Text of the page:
How to Structure a Join Venture

joint-venture.png

When looking to Joint Venture (JV) with another person (or persons) on a property purchase it is important before entering into any deal that you consider the how the JV Is structured.

 There are two main ways to structure a JV, the first of these is what’s known as a Special Purpose Vehicle (SPV). An SPV, is a separate legal entity that is created for a specific objective, in this case a property purchase. It is a distinct company which has its own assets, liabilities and legal status which isolates financial risk.  

For example if you and a partner decided to enter into a JV to buy a house to renovate and sell and the profits were going to be split equally, you would set up a new company at Companies House whereby you own 50% of the shares each. Once the company has been created you must then set up a business bank account to handle any transactions related to purchase. As the new company is a going concern, you must submit yearly accounts to HMRC and pay the relevant taxes associated with it. Despite this, an SPV can be an effective tool to reduce taxes overall, as Capital Gains Tax for higher rate tax payers is 28% whereas Corporation tax is only 19%.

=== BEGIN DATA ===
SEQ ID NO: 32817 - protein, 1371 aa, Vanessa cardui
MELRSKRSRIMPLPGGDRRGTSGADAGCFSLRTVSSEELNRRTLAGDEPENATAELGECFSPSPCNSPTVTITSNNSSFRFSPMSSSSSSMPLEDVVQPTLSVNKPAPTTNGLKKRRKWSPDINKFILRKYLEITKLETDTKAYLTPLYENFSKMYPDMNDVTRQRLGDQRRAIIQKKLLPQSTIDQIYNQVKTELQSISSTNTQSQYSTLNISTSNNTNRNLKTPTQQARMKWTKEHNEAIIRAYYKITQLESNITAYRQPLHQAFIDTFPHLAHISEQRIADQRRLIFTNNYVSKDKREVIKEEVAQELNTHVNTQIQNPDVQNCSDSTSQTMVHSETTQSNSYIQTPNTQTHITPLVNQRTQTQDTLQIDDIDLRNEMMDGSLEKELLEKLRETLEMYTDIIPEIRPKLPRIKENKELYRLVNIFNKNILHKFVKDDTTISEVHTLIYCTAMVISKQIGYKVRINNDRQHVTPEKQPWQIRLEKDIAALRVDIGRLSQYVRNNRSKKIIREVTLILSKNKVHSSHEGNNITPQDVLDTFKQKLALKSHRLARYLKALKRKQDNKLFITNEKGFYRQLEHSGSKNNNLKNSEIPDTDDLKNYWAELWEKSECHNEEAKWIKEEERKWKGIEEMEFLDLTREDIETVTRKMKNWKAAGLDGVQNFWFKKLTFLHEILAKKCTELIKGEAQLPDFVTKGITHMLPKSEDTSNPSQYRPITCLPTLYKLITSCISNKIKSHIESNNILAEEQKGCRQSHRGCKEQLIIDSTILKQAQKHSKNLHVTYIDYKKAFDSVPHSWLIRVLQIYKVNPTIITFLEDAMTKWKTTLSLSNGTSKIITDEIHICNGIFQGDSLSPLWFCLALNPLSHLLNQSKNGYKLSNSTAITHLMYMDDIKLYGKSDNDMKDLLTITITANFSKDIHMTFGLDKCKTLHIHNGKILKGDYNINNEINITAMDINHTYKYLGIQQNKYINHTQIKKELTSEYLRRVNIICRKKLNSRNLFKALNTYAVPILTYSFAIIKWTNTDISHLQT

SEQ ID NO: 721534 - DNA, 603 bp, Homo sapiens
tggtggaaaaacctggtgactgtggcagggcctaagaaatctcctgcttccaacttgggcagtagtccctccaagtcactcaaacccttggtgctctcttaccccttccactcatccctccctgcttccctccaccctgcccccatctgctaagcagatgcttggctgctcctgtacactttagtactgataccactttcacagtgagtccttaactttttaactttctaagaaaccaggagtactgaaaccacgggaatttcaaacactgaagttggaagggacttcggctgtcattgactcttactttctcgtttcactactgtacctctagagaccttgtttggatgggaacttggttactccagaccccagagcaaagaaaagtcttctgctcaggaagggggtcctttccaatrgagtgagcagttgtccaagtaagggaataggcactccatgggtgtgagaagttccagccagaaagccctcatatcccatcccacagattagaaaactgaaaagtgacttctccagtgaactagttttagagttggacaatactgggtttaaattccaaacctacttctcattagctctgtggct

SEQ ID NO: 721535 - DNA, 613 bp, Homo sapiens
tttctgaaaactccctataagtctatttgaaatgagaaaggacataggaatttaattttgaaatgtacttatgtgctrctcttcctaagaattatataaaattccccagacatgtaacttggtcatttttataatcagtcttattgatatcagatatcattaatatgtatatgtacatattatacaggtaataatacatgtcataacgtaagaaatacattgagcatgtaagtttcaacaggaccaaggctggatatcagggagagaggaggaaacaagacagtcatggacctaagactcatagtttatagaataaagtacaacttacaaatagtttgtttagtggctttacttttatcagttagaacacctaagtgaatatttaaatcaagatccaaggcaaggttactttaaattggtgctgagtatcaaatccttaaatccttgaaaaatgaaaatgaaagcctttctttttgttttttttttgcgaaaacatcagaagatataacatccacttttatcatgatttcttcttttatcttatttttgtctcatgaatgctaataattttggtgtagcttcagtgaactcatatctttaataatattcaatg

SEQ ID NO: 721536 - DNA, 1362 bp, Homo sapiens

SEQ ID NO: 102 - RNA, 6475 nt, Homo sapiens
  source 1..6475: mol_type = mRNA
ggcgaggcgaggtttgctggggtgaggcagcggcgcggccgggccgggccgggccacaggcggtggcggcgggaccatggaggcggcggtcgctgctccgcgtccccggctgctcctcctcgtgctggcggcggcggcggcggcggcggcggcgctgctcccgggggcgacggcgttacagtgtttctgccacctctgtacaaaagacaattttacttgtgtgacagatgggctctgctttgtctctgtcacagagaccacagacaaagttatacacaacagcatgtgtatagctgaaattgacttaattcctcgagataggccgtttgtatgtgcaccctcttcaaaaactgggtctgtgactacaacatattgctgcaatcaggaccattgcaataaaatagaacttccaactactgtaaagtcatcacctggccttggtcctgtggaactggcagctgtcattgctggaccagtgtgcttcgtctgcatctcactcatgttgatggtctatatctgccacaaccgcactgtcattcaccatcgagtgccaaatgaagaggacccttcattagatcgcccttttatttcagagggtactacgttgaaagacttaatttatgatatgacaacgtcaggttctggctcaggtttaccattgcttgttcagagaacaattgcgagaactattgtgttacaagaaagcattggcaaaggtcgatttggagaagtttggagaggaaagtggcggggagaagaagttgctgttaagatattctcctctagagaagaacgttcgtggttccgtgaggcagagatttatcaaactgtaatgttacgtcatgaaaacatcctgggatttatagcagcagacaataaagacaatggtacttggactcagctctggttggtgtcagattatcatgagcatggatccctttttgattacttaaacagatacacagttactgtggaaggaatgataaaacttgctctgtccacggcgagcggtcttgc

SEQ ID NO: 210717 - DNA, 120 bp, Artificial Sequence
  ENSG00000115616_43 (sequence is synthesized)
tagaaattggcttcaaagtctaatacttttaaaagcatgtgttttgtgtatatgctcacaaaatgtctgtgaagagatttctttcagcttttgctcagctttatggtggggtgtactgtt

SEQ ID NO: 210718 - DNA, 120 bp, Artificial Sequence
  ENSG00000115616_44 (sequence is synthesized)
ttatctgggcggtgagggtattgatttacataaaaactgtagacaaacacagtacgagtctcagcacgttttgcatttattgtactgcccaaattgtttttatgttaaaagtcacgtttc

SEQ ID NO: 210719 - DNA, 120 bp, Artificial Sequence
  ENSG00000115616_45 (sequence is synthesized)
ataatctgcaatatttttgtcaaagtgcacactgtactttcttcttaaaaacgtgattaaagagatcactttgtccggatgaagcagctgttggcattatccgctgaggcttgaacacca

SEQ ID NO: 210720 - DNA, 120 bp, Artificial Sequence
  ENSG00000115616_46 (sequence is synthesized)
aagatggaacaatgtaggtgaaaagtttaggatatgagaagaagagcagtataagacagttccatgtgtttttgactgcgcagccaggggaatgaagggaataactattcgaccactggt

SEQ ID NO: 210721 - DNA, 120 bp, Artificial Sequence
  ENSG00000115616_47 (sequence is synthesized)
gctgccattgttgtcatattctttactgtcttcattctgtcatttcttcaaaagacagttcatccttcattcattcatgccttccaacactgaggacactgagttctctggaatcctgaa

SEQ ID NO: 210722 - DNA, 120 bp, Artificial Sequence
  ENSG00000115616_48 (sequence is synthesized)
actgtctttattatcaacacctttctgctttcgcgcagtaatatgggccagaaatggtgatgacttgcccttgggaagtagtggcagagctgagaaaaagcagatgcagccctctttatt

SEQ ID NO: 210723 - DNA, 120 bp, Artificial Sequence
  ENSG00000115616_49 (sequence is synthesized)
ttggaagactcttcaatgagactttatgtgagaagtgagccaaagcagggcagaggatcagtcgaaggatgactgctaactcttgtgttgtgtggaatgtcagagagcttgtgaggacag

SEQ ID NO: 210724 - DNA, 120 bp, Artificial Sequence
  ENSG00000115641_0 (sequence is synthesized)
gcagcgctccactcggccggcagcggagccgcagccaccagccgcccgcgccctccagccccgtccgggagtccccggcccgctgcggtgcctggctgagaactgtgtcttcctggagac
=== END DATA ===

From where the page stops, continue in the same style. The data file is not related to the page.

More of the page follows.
The other way to structure a JV is through a Deed (or Declaration) of Trust. A Deed of Trust is a legally binding document that records the financial arrangements between joint owners of a property, and/or anyone else who a financial interest in the property. This agreement is entered into at the time of purchase, and should certain circumstances arise in the future such as the property is sold – it outlines exactly who is entitled to receive what. For example, instead of setting up an SPV, you or your JV partner could purchase a property to renovate and sell in your own name or in your own company. You would then have a deed of trust written up which would state that when the property is sold, your JV Partner is entitled to 50% of the profits.

There are pro’s and con’s for both, an SPV is probably the more secure of two, however if you only intend to do one transaction you must weigh up whether the costs involved of setting it up are worth it. For a one off transaction a Deed of Trust may be the way to go however if you plan on doing multiple projects together then I would definitely look to set up an SPV.

Matthew Timms